CIBC and American Express in smart card alliance

CIBC and American Express in smart card alliance

Canadian Imperial Bank of Commerce (CIBC) has entered an agreement to issue American Express-branded chip-based credit cards throughout Canada.

The deal represents American Express' first card-issuing partnership in Canada. In addition, CIBC is now the first Canadian bank to offer both American Express and Visa credit cards to customers.

The new CIBC 'entourage' smart card is a credit card embedded with a smart-chip microprocessor that functions like a mini-computer, capable of carrying multiple applications. Initially, the smart-card technology will be used to enhance the security of purchases. Additional functions can be added over time such as applications for managing loyalty points programmes or conducting electronic banking activities, say the firms.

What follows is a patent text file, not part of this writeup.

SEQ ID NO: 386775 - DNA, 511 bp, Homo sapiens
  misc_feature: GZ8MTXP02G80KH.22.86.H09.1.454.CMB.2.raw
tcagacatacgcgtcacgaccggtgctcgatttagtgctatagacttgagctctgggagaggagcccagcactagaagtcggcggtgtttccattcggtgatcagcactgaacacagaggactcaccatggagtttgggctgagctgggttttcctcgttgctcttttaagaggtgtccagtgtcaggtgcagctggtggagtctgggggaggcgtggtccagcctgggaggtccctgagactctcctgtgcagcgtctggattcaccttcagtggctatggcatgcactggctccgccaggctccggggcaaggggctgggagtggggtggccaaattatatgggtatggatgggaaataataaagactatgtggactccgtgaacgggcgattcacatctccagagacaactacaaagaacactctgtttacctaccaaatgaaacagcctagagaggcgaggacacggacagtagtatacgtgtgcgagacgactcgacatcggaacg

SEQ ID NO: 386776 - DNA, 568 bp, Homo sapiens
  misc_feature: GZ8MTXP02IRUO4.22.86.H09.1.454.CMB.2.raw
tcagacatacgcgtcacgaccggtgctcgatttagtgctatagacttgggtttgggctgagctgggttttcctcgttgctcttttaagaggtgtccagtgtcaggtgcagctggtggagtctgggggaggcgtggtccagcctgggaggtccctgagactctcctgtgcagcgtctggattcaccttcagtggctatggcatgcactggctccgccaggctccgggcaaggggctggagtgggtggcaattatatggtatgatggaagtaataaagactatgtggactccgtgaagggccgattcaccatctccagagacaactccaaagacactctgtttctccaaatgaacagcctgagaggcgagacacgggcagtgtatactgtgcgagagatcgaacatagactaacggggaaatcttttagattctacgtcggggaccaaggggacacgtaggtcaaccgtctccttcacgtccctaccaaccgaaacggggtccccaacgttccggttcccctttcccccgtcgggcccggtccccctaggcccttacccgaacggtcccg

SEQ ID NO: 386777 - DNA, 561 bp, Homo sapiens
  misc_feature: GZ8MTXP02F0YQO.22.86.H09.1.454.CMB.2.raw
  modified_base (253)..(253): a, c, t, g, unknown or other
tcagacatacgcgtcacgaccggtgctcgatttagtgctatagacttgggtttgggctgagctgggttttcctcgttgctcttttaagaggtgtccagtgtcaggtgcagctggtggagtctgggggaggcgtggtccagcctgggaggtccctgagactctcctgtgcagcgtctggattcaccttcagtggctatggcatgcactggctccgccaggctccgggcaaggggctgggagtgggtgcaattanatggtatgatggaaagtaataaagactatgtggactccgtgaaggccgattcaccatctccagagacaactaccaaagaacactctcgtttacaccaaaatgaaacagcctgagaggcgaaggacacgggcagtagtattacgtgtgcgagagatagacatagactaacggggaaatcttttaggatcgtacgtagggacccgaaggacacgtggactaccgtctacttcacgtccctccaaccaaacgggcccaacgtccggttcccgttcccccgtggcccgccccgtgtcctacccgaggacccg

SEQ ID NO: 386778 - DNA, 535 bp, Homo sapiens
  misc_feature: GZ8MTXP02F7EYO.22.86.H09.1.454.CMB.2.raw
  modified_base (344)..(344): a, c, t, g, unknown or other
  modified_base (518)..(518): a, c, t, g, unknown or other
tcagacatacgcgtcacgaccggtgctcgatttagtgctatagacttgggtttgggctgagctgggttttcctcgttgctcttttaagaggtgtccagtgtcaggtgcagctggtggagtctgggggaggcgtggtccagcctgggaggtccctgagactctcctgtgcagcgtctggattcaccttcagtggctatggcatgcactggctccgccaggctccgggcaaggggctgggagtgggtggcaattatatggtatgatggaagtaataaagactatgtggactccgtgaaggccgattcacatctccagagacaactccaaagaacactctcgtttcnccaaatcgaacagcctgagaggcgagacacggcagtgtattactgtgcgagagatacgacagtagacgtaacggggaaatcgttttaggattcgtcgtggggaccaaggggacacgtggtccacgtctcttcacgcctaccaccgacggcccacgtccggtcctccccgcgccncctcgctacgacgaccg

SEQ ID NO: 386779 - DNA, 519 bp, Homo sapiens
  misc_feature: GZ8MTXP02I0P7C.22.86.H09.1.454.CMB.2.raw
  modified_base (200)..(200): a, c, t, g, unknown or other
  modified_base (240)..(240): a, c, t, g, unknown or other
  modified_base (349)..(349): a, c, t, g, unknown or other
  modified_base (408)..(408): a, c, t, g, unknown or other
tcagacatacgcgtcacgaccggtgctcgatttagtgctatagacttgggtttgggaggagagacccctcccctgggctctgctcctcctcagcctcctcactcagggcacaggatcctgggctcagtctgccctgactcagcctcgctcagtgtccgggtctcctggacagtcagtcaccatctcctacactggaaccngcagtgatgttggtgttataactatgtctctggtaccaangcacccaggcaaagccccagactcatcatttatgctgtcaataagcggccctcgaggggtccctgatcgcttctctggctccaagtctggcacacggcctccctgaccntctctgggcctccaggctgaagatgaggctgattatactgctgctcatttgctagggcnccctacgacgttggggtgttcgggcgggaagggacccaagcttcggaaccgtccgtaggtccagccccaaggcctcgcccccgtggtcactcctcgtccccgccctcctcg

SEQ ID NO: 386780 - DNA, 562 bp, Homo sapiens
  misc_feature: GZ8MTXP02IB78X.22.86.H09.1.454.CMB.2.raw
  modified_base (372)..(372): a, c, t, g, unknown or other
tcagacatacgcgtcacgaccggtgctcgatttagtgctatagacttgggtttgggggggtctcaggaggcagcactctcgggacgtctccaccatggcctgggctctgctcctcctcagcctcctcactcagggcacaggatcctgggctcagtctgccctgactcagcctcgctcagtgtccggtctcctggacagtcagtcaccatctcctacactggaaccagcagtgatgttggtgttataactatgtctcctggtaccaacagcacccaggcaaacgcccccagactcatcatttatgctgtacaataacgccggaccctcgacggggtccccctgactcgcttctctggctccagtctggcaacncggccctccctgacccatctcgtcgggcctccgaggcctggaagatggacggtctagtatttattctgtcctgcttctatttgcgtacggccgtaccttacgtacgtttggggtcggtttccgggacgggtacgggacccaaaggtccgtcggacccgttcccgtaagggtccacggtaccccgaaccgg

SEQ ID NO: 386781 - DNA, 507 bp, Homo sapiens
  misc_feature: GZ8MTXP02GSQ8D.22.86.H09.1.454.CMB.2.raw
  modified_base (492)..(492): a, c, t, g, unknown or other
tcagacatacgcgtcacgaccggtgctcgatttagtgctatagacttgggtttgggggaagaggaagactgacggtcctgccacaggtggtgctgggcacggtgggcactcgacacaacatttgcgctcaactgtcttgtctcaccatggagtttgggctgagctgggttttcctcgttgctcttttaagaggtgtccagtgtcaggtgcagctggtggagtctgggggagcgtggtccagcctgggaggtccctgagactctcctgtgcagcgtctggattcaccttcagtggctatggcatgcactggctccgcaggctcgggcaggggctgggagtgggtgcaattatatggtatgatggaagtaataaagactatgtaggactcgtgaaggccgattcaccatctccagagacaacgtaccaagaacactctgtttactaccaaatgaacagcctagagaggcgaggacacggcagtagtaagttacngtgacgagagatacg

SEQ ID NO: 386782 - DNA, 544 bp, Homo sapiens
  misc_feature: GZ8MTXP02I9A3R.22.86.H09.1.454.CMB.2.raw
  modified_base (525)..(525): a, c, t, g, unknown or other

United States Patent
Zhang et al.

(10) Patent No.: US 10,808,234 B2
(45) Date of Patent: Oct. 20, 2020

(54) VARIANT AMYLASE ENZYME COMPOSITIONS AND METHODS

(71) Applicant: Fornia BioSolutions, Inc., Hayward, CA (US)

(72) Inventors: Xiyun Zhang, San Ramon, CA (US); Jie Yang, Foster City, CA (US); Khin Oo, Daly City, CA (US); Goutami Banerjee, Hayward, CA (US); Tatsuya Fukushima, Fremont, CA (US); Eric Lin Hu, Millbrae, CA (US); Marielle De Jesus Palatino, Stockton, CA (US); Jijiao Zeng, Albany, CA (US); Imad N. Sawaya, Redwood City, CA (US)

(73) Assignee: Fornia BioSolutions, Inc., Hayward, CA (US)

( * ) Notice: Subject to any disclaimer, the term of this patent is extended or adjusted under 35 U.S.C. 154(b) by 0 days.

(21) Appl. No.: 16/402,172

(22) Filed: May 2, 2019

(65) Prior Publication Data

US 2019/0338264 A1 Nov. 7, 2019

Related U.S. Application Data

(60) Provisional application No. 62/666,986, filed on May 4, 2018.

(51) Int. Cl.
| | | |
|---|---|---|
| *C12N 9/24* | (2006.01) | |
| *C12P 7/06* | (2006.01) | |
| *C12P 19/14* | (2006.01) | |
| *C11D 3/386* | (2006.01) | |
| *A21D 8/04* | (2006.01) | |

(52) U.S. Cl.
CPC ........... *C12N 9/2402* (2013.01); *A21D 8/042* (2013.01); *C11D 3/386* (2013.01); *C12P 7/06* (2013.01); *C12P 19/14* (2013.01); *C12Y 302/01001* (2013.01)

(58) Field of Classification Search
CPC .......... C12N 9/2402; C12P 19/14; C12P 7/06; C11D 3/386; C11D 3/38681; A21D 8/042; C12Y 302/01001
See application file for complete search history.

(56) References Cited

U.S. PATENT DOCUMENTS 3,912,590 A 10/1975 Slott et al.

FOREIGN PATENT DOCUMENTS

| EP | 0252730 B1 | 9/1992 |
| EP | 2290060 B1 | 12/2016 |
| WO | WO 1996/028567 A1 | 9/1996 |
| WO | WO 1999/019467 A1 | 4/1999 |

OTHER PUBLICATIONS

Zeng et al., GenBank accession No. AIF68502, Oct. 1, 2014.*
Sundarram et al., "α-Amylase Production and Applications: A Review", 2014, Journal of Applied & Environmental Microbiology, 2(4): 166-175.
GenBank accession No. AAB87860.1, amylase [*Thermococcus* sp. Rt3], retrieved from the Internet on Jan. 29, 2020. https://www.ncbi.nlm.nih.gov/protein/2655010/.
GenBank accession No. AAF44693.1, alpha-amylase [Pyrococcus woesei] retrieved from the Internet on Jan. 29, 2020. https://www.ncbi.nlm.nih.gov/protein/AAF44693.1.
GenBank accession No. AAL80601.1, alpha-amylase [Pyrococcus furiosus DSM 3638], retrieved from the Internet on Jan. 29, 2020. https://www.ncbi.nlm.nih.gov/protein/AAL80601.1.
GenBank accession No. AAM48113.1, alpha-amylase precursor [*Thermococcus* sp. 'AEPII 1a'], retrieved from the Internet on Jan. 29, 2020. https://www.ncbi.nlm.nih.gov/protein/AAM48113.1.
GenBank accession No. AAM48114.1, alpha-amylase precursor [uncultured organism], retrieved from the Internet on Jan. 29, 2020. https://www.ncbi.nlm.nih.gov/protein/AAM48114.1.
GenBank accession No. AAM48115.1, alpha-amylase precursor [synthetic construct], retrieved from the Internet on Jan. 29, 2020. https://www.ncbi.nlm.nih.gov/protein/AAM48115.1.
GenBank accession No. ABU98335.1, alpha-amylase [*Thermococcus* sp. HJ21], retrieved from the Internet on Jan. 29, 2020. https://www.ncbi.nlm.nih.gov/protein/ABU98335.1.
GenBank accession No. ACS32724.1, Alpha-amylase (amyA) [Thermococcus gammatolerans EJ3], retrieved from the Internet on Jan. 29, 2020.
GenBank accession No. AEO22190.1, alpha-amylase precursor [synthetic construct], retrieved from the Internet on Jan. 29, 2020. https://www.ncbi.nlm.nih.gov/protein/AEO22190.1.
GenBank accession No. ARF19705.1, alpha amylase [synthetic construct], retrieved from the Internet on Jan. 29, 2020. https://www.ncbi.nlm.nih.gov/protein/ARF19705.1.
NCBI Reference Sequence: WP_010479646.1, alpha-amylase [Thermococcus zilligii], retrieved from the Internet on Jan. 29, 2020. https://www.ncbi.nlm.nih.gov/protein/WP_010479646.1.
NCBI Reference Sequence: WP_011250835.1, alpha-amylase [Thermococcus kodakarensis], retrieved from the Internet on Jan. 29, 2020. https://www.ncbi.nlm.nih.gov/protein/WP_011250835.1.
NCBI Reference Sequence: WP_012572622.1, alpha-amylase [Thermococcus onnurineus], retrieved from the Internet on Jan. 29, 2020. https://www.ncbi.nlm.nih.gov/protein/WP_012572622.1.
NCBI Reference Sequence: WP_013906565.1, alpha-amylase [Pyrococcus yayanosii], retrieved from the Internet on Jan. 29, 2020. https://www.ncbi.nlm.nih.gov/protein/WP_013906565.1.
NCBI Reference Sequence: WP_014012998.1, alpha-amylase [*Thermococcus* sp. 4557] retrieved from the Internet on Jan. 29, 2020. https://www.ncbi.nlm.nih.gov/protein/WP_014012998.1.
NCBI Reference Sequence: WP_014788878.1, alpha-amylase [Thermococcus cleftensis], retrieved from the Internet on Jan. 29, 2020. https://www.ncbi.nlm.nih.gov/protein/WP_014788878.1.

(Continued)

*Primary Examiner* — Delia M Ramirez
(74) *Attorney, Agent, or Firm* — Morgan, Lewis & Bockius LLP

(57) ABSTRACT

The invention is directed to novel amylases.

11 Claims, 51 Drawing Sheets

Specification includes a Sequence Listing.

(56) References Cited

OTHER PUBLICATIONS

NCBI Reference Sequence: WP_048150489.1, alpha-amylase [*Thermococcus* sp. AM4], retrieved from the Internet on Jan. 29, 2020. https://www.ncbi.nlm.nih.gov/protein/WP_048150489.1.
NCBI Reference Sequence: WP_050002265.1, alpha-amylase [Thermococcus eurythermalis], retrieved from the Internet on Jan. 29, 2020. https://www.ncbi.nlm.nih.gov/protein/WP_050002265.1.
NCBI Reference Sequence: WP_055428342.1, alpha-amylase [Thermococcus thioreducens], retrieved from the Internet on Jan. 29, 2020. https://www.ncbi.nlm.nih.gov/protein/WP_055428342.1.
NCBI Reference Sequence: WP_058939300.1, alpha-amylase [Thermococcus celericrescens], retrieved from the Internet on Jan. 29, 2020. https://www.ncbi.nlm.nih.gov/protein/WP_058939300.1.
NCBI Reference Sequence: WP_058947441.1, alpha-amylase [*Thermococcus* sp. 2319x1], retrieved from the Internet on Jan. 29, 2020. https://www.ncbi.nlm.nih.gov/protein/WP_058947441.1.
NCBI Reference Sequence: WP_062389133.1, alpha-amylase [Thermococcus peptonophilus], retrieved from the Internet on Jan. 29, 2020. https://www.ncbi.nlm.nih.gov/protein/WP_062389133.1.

Cardmembers can use the CIBC entourage cards at American Express merchant locations around the globe, and take advantage of American Express’ global service through its 1700 travel service locations and more than 500,000 ATMs worldwide.

Christine Croucher, executive vice president, CIBC card products division, says: "CIBC’s alliance with American Express brings customers greater innovation, more choice, global assistance and the ability to make secure purchases over the Internet."

Under terms of the agreement, CIBC will issue the cards, own the accounts and handle the customer service support for the entourage American Express Cards, including authorisations, billing and credit management. CIBC will also be responsible for marketing the cards to existing and new customers in Canada. This will include television advertisements, direct mail, online media and various outdoor media.

CIBC is American Express' third network partner in North America, following Banco Popular and Banco Santander in Puerto Rico. The Canadian breakthrough follows the US government's October victory in an antitrust lawsuit brought against Visa and MasterCard, which claimed exclusionary rules preventing banks from issuing rival cards were anticompetitive.

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